What Is a Casino?

A Casino is an establishment where people may gamble on games of chance. It may also have a range of other entertainment activities, such as stage shows and restaurants. Some casinos also host tournaments where patrons compete against each other.

Regardless of their additional attractions, the vast majority of casino profits come from games of chance. Slot machines, blackjack, roulette, craps, baccarat and other table games generate the billions of dollars that casinos rake in each year. Something about gambling (probably the large amount of money involved) seems to encourage both patrons and employees to cheat, steal and otherwise try to beat the house at its own game. That’s why casinos spend a great deal of time, effort and money on security.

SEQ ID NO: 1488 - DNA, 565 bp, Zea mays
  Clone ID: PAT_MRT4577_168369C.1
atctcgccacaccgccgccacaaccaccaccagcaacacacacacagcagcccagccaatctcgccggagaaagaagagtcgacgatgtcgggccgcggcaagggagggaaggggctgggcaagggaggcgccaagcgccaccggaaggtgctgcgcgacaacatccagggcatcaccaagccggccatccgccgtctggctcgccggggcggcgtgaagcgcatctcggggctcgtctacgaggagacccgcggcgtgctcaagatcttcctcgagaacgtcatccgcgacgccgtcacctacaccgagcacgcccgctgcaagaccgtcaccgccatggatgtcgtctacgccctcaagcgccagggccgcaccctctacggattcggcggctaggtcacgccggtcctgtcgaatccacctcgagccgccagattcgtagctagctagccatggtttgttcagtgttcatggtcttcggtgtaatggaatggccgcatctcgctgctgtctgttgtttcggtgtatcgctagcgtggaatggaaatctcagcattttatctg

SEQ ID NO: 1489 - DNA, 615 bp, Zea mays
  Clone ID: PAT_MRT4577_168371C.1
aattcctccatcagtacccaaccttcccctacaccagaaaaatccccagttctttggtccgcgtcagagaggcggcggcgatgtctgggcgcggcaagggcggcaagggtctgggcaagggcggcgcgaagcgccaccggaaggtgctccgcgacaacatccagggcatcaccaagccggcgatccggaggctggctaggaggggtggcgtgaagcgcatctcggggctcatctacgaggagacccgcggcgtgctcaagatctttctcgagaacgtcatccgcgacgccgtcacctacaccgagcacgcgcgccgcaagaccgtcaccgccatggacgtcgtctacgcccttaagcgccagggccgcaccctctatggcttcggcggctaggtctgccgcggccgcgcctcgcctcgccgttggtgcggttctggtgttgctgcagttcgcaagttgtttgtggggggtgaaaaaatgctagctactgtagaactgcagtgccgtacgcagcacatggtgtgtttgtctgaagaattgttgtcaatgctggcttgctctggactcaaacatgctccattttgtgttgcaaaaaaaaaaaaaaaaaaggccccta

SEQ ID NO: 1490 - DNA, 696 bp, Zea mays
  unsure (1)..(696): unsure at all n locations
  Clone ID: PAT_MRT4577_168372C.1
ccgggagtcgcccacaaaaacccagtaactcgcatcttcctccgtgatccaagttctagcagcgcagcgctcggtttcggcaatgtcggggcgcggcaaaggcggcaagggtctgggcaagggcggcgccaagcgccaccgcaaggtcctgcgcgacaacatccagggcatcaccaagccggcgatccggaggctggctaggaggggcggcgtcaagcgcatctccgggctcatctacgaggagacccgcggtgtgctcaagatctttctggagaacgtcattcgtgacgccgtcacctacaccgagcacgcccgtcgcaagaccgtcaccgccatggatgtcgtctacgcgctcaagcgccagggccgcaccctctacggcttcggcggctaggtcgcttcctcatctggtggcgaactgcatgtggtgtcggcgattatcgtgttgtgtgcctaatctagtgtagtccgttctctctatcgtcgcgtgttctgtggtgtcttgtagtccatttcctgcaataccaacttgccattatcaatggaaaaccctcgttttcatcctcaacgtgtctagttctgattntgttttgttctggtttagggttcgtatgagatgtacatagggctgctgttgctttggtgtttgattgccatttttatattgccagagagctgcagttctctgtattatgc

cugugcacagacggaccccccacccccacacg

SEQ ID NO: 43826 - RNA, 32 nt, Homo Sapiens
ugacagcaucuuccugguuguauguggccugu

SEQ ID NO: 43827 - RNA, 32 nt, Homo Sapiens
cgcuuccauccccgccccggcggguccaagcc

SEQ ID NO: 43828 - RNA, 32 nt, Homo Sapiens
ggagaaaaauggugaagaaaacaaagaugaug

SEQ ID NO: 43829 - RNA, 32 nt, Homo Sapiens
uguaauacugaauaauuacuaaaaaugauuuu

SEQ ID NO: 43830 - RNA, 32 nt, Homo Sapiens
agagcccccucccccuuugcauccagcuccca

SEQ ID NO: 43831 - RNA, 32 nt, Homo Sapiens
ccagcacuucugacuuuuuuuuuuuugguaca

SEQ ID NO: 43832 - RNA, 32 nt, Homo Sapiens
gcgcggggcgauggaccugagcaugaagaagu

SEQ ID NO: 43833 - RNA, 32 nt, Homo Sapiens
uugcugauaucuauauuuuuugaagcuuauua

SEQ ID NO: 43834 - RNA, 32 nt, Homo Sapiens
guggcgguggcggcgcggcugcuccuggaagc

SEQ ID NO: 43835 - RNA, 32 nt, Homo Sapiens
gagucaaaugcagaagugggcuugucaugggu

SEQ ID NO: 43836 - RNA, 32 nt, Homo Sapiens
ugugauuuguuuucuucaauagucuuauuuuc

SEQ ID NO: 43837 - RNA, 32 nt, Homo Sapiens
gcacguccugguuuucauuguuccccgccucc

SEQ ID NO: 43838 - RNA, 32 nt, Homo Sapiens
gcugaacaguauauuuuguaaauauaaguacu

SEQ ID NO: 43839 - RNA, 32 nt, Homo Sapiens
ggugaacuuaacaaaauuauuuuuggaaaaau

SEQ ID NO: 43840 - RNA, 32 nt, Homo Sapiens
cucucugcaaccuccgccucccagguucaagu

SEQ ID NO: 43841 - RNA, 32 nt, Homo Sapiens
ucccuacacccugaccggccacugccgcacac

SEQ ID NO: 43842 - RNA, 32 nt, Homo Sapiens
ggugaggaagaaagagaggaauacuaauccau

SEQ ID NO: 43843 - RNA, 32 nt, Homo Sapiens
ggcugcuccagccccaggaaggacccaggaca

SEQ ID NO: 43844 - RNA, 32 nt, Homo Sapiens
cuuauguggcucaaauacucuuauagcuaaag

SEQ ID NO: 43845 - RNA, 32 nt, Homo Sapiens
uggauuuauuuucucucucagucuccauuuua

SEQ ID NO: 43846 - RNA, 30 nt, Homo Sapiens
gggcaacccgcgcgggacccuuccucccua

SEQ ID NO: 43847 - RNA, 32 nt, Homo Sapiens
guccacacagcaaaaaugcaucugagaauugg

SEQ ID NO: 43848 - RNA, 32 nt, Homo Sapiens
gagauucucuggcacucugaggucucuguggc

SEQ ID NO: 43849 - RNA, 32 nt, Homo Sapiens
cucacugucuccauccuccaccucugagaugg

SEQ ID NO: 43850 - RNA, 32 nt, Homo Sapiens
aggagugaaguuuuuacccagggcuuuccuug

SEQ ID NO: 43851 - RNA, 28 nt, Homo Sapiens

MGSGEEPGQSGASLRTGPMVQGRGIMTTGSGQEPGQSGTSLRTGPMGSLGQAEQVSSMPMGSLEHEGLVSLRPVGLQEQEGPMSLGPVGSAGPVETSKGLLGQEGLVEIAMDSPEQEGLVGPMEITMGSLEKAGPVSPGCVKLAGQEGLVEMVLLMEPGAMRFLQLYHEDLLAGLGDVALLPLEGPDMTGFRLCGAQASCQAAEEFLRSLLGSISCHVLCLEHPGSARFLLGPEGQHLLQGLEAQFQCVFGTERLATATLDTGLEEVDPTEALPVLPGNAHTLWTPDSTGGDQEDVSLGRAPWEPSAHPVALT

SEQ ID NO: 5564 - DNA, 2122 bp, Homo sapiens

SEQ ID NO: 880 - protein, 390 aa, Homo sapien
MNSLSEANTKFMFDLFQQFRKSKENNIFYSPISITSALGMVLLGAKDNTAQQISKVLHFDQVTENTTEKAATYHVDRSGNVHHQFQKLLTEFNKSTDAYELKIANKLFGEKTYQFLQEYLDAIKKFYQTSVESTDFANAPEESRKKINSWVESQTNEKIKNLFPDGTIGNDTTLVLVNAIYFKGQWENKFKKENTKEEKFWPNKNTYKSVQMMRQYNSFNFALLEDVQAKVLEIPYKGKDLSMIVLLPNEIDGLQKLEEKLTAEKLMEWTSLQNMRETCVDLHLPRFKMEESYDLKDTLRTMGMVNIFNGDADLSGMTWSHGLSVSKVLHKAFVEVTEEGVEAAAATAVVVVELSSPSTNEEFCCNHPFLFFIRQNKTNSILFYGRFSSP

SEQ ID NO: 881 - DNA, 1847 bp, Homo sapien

Modern casino technology enables security personnel to closely monitor games. For example, the chips used in table games have microcircuitry that interacts with electronic systems to enable casinos to see minute-by-minute wagers and quickly discover any statistical deviation from expected results. In addition, many casinos now employ mathematicians and computer programmers who specialize in gaming analysis.

The casinos’ dark side also includes compulsive gambling, which accounts for a significant percentage of casino profits and can devastate family life, ruin careers and even cause bankruptcy. Studies indicate that local economic benefits from a casino are outweighed by the cost of treating problem gamblers and lost productivity associated with casinos.